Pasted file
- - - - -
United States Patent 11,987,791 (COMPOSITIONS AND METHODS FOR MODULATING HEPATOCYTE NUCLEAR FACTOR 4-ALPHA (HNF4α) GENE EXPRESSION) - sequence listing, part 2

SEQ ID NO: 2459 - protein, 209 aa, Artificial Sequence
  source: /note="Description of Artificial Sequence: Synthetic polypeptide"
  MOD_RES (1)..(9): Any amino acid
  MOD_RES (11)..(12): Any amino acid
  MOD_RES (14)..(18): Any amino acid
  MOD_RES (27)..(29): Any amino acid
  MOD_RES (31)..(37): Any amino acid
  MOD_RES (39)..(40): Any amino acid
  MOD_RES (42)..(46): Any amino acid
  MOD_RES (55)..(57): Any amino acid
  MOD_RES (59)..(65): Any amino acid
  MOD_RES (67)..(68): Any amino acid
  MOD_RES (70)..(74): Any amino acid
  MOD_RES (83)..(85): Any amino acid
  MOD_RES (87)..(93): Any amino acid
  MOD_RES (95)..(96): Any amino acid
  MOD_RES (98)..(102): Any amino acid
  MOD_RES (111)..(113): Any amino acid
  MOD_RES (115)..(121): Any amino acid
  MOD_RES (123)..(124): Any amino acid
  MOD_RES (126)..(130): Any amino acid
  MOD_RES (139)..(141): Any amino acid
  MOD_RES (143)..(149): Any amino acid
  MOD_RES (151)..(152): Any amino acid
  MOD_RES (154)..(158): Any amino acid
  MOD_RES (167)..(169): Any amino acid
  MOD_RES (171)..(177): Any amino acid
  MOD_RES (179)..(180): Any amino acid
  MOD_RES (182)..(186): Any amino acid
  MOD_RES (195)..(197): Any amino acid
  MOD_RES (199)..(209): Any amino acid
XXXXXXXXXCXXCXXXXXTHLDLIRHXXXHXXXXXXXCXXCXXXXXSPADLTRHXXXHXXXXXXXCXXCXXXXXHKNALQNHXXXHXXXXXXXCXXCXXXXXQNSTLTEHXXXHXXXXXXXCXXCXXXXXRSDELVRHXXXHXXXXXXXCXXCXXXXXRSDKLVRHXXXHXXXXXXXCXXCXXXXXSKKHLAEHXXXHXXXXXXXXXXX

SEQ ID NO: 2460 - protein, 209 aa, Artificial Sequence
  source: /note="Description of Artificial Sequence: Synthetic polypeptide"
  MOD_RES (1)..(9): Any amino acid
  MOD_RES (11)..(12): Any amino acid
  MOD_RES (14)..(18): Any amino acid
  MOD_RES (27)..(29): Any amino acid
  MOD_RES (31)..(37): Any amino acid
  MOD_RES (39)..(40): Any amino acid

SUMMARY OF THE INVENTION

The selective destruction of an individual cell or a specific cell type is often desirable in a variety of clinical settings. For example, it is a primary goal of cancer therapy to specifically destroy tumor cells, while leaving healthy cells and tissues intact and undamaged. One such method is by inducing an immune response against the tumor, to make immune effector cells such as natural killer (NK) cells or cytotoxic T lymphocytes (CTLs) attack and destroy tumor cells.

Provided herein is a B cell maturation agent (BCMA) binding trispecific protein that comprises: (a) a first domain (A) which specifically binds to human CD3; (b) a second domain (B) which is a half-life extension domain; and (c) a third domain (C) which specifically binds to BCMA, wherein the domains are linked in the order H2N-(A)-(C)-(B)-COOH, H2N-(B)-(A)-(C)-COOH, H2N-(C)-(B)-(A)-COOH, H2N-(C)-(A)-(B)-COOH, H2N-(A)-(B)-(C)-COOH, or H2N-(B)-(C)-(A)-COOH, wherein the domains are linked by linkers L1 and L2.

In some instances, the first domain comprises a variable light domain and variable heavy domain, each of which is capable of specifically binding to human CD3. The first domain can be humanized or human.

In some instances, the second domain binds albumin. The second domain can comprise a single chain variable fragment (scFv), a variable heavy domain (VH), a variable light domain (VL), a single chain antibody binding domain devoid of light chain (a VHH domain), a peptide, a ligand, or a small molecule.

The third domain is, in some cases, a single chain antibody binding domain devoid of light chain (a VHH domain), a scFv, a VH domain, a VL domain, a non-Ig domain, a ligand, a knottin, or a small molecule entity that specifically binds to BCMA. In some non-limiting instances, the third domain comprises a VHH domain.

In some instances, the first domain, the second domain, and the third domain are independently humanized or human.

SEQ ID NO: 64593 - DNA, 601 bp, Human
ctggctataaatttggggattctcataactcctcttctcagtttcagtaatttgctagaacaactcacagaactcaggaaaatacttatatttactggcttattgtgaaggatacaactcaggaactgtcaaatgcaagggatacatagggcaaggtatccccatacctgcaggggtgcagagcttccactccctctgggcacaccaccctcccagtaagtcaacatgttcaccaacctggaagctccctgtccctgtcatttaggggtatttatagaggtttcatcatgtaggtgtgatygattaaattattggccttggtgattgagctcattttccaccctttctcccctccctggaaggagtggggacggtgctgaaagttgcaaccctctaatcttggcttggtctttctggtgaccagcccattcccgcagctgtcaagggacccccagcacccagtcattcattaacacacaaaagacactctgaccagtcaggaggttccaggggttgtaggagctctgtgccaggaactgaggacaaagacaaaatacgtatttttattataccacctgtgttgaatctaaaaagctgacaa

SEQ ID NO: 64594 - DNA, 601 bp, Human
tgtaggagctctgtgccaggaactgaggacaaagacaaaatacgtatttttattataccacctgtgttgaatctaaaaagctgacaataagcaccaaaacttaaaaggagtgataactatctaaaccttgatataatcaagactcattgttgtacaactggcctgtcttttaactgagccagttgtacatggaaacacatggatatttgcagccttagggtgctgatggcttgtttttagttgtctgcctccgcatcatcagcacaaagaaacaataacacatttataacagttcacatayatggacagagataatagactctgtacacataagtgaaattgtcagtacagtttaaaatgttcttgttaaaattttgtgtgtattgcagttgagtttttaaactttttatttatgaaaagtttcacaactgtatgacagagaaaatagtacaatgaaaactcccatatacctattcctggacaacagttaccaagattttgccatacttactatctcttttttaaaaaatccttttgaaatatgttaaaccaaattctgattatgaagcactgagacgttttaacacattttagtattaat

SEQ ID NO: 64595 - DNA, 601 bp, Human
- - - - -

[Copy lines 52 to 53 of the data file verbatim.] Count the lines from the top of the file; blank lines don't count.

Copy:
tgtaggagctctgtgccaggaactgaggacaaagacaaaatacgtatttttattataccacctgtgttgaatctaaaaagctgacaataagcaccaaaacttaaaaggagtgataactatctaaaccttgatataatcaagactcattgttgtacaactggcctgtcttttaactgagccagttgtacatggaaacacatggatatttgcagccttagggtgctgatggcttgtttttagttgtctgcctccgcatcatcagcacaaagaaacaataacacatttataacagttcacatayatggacagagataatagactctgtacacataagtgaaattgtcagtacagtttaaaatgttcttgttaaaattttgtgtgtattgcagttgagtttttaaactttttatttatgaaaagtttcacaactgtatgacagagaaaatagtacaatgaaaactcccatatacctattcctggacaacagttaccaagattttgccatacttactatctcttttttaaaaaatccttttgaaatatgttaaaccaaattctgattatgaagcactgagacgttttaacacattttagtattaat

SEQ ID NO: 64595 - DNA, 601 bp, Human